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It was a bad week for dictators, and a good one for international justice. Two brutal, U.S.-backed dictators who ruled decades ago were convicted for crimes they committed while in power. Hissene Habre took control of the northern African nation of Chad in 1982, and unleashed a reign of terror against his own people, killing at least 40,000 of them, until he was deposed in 1990. Reynaldo Bignone was a general in the Argentinian military, and was the last dictator of the military junta that ruled that country from 1976 to 1983, the period known as “The Dirty War,” when an estimated 30,000 dissidents were “disappeared,” i.e., killed. Both men will most likely spend the rest of their lives in prison. These verdicts won’t bring back the tens of thousands they tortured and killed, but, hopefully, they will hasten the end of the modern era of impunity for human-rights abusers and their allies.
Bignone’s guilty verdict for his role in the transnational “Operation Condor” conspiracy was not his first. He was one of the Argentine generals who overthrew that country’s government in 1976. Bignone took a lead role in setting up and running several of the hundreds of secret detention centers where people suspected of communist or left-wing sympathies were taken and, in most cases, tortured, then killed. Argentina in those years was led by a succession of military dictators, with Bignone being the last in the line, ruling from 1982 to 1983. Bignone oversaw the destruction of documents and other evidence that might have implicated him and his fellow junta members in human-rights abuses and crimes against humanity, and also granted blanket immunity to himself and others, protecting them from future prosecution. Eventually, the amnesty was overturned, and Bignone was convicted in 2010 for the rampant kidnapping, torture and murder he oversaw.
Bignone’s most recent guilty verdict was for his role in Operation Condor, in which six U.S.-backed South American dictatorships – Argentina, Bolivia, Brazil, Chile, Paraguay and Uruguay – conspired to track down and kidnap or kill dissidents anywhere in the world. Bignone, 88, now has an additional 20 years added to the life sentence he is currently serving. Operation Condor was coordinated out of Chile, then under dictator Augusto Pinochet, and with the knowledge of the U.S. government, and in particular, then-Secretary of State Henry Kissinger.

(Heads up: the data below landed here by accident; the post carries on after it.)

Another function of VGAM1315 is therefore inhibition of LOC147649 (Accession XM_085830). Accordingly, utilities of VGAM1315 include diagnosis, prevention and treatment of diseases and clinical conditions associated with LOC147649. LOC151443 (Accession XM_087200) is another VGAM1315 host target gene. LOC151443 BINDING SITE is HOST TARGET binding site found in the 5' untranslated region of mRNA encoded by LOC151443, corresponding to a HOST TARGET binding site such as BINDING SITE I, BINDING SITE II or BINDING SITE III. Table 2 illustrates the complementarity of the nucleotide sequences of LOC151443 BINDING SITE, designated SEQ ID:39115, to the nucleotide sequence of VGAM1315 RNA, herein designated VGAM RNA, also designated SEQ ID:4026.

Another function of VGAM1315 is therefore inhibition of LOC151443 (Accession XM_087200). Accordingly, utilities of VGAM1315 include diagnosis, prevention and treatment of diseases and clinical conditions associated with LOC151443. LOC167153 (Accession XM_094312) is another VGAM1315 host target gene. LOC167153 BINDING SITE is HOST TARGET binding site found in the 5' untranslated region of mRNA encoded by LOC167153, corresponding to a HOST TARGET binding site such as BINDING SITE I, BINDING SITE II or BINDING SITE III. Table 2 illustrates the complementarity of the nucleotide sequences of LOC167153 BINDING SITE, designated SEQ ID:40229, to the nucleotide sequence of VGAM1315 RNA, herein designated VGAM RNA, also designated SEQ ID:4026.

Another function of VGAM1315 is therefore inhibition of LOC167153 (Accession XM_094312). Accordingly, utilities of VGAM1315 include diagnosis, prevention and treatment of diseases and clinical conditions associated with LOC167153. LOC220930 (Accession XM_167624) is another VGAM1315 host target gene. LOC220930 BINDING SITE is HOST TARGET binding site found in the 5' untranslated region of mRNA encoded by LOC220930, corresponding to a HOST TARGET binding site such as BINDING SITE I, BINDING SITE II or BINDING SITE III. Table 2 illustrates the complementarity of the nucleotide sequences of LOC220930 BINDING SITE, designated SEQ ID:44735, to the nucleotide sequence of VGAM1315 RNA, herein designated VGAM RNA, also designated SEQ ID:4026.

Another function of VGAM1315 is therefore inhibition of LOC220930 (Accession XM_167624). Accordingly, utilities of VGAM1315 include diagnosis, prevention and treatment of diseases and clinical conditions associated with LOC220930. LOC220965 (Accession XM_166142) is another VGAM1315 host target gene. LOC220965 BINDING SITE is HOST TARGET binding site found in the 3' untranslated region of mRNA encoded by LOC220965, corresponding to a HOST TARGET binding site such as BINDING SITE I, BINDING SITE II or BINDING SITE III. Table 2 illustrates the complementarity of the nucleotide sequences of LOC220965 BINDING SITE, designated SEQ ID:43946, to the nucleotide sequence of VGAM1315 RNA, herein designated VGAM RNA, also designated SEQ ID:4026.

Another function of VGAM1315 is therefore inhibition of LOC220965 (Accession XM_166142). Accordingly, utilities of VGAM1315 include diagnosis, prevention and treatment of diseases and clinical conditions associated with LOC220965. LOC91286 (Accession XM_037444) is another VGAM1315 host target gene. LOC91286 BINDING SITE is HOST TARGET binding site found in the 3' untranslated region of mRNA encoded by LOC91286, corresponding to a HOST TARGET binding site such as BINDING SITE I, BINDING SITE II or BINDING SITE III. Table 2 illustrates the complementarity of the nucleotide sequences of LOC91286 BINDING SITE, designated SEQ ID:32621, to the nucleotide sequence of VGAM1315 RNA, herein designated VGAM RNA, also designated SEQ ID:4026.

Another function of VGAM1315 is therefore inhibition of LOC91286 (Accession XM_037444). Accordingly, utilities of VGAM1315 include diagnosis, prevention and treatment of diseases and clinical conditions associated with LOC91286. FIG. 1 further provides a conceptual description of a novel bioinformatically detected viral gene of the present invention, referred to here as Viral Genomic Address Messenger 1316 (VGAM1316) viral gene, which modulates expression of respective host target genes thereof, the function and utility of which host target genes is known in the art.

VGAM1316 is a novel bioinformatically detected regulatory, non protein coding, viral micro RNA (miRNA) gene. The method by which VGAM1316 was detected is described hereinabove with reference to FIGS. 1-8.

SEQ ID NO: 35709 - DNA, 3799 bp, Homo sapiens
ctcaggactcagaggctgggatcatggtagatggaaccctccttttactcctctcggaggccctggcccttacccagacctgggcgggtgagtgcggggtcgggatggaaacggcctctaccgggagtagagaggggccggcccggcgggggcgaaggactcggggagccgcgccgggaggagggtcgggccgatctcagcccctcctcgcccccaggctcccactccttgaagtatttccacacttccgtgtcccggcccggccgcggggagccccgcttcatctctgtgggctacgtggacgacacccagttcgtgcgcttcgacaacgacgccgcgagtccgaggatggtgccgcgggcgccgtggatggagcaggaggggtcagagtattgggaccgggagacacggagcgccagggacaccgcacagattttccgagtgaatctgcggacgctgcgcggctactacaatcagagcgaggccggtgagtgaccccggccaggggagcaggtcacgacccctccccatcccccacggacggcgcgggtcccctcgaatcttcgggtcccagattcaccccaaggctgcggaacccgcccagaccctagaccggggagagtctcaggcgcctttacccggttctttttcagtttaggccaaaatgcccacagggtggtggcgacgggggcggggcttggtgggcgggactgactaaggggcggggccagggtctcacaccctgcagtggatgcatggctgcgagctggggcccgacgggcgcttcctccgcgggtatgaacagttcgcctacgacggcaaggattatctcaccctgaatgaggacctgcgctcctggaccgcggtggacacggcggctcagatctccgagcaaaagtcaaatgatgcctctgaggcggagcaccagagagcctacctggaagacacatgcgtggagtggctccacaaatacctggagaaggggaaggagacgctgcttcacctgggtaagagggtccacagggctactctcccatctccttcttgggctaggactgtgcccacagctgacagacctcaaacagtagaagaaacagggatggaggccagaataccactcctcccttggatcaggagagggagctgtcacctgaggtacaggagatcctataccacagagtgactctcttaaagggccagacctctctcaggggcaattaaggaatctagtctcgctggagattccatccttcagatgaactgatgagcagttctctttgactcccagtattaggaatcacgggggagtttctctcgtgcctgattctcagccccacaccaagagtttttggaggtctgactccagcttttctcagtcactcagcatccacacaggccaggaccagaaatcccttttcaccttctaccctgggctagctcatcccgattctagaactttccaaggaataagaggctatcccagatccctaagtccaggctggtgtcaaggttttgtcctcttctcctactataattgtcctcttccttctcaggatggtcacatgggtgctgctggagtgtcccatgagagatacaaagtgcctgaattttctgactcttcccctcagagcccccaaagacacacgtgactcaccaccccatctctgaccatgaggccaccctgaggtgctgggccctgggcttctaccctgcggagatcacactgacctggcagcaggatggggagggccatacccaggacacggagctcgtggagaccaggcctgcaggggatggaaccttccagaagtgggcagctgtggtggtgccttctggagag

Chad is a mostly desert country in northern Africa that was under French colonial rule from 1900 to 1960. Sectarian warfare followed. U.S. President Ronald Reagan supported a coup in Chad, led by Hissene Habre, despite knowing his record of brutality. Habre had a mass grave behind his residence. He ruled Chad from 1982 to 1990, and he terrorized his critics, both real and imagined. More than 40,000 people were killed, many tortured in the notorious “Piscine,” or “the Pool,” a prison and torture center located in a converted swimming pool.
In 2001, 11 years after Habre fled to Senegal (taking most of Chad’s national treasury with him), an intrepid attorney with Human Rights Watch, Reed Brody, entered the abandoned headquarters of Habre’s notorious secret police force, the DDS. What he found there was astounding: thousands upon thousands of documents, dust-covered and forgotten, that detailed arrests, torture and killing of more than 13,000 of Habre’s victims. This documentary evidence, along with unrelenting organizing among the victims themselves, by people like prison survivor Souleymane Guengueng, led to the first trial in an African nation of a former head of state from another African nation. In the past, such trials have taken place in international tribunals, outside of the continent. Senegal formed a special court specifically to try his case.
“It hurts me that many of my colleagues died along the way. They could not be here to see the result, which is why I was moved and brought to tears,” Souleymane Guengueng said after the verdict was read. “Hissene Habre was sentenced to life imprisonment. He will finish off his life in prison, and that’s all we wanted. I hope this serves as a lesson to all the other dictators out there.”
Bignone and the Argentine junta, and Hissene Habre, could not have committed their atrocities were it not for the support of the U.S. government. Secretary of State John Kerry called Habre’s verdict “an opportunity for the United States to reflect on, and learn from, our own connection with past events in Chad.” The U.S. should definitely reflect on, and learn from, these guilty verdicts. But we also should investigate, charge and put on trial U.S. government officials who aided and abetted these dictators. We need a uniform standard of justice, applied equally, across the globe.